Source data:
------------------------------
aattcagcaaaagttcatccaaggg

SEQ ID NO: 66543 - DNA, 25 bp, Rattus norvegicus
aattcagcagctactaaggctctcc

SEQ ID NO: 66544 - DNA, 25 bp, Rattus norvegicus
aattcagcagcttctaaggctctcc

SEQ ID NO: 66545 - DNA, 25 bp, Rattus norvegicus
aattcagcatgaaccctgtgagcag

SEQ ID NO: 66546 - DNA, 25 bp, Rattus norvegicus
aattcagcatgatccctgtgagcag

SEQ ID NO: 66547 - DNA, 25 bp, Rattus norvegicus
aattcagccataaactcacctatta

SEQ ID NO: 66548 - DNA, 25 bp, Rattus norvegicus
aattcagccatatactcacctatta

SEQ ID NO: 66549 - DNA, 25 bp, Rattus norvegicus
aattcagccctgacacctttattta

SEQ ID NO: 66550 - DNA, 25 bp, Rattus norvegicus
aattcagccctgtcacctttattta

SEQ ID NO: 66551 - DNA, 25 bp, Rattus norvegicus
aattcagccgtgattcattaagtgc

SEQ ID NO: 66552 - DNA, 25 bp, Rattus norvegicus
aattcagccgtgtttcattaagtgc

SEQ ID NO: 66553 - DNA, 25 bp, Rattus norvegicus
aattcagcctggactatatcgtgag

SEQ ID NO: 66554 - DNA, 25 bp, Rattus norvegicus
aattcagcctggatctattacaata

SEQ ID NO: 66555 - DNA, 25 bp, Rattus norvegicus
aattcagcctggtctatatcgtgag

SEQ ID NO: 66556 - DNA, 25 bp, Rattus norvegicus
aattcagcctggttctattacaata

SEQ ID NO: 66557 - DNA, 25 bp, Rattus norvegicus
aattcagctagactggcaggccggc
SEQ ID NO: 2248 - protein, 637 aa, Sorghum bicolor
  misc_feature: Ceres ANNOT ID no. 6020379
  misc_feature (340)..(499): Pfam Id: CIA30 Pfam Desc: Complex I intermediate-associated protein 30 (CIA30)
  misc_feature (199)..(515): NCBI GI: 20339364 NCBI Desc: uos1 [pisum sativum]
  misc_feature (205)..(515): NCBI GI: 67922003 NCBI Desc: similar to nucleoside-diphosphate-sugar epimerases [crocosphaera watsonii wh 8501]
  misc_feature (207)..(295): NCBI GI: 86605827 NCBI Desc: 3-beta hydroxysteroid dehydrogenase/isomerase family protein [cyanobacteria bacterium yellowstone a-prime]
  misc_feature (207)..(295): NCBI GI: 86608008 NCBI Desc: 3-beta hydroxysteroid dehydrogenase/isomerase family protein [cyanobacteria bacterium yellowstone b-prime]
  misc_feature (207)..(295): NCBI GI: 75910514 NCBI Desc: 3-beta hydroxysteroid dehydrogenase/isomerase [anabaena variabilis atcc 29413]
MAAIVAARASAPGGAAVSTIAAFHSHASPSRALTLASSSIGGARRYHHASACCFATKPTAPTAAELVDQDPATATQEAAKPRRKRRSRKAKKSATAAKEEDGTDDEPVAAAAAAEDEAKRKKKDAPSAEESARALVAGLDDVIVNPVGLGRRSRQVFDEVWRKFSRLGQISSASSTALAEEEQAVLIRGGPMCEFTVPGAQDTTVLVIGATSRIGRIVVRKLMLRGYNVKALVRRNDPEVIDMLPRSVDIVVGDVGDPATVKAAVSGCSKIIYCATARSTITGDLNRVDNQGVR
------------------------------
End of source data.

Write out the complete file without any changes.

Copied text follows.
aattcagcaaaagttcatccaaggg

SEQ ID NO: 66543 - DNA, 25 bp, Rattus norvegicus
aattcagcagctactaaggctctcc

SEQ ID NO: 66544 - DNA, 25 bp, Rattus norvegicus
aattcagcagcttctaaggctctcc

SEQ ID NO: 66545 - DNA, 25 bp, Rattus norvegicus
aattcagcatgaaccctgtgagcag

SEQ ID NO: 66546 - DNA, 25 bp, Rattus norvegicus
aattcagcatgatccctgtgagcag

SEQ ID NO: 66547 - DNA, 25 bp, Rattus norvegicus
aattcagccataaactcacctatta

SEQ ID NO: 66548 - DNA, 25 bp, Rattus norvegicus
aattcagccatatactcacctatta

SEQ ID NO: 66549 - DNA, 25 bp, Rattus norvegicus
aattcagccctgacacctttattta

SEQ ID NO: 66550 - DNA, 25 bp, Rattus norvegicus
aattcagccctgtcacctttattta

SEQ ID NO: 66551 - DNA, 25 bp, Rattus norvegicus
aattcagccgtgattcattaagtgc

SEQ ID NO: 66552 - DNA, 25 bp, Rattus norvegicus
aattcagccgtgtttcattaagtgc

SEQ ID NO: 66553 - DNA, 25 bp, Rattus norvegicus
aattcagcctggactatatcgtgag

SEQ ID NO: 66554 - DNA, 25 bp, Rattus norvegicus
aattcagcctggatctattacaata

SEQ ID NO: 66555 - DNA, 25 bp, Rattus norvegicus
aattcagcctggtctatatcgtgag

SEQ ID NO: 66556 - DNA, 25 bp, Rattus norvegicus
aattcagcctggttctattacaata

SEQ ID NO: 66557 - DNA, 25 bp, Rattus norvegicus
aattcagctagactggcaggccggc
SEQ ID NO: 2248 - protein, 637 aa, Sorghum bicolor
  misc_feature: Ceres ANNOT ID no. 6020379
  misc_feature (340)..(499): Pfam Id: CIA30 Pfam Desc: Complex I intermediate-associated protein 30 (CIA30)
  misc_feature (199)..(515): NCBI GI: 20339364 NCBI Desc: uos1 [pisum sativum]
  misc_feature (205)..(515): NCBI GI: 67922003 NCBI Desc: similar to nucleoside-diphosphate-sugar epimerases [crocosphaera watsonii wh 8501]
  misc_feature (207)..(295): NCBI GI: 86605827 NCBI Desc: 3-beta hydroxysteroid dehydrogenase/isomerase family protein [cyanobacteria bacterium yellowstone a-prime]
  misc_feature (207)..(295): NCBI GI: 86608008 NCBI Desc: 3-beta hydroxysteroid dehydrogenase/isomerase family protein [cyanobacteria bacterium yellowstone b-prime]
  misc_feature (207)..(295): NCBI GI: 75910514 NCBI Desc: 3-beta hydroxysteroid dehydrogenase/isomerase [anabaena variabilis atcc 29413]
MAAIVAARASAPGGAAVSTIAAFHSHASPSRALTLASSSIGGARRYHHASACCFATKPTAPTAAELVDQDPATATQEAAKPRRKRRSRKAKKSATAAKEEDGTDDEPVAAAAAAEDEAKRKKKDAPSAEESARALVAGLDDVIVNPVGLGRRSRQVFDEVWRKFSRLGQISSASSTALAEEEQAVLIRGGPMCEFTVPGAQDTTVLVIGATSRIGRIVVRKLMLRGYNVKALVRRNDPEVIDMLPRSVDIVVGDVGDPATVKAAVSGCSKIIYCATARSTITGDLNRVDNQGVR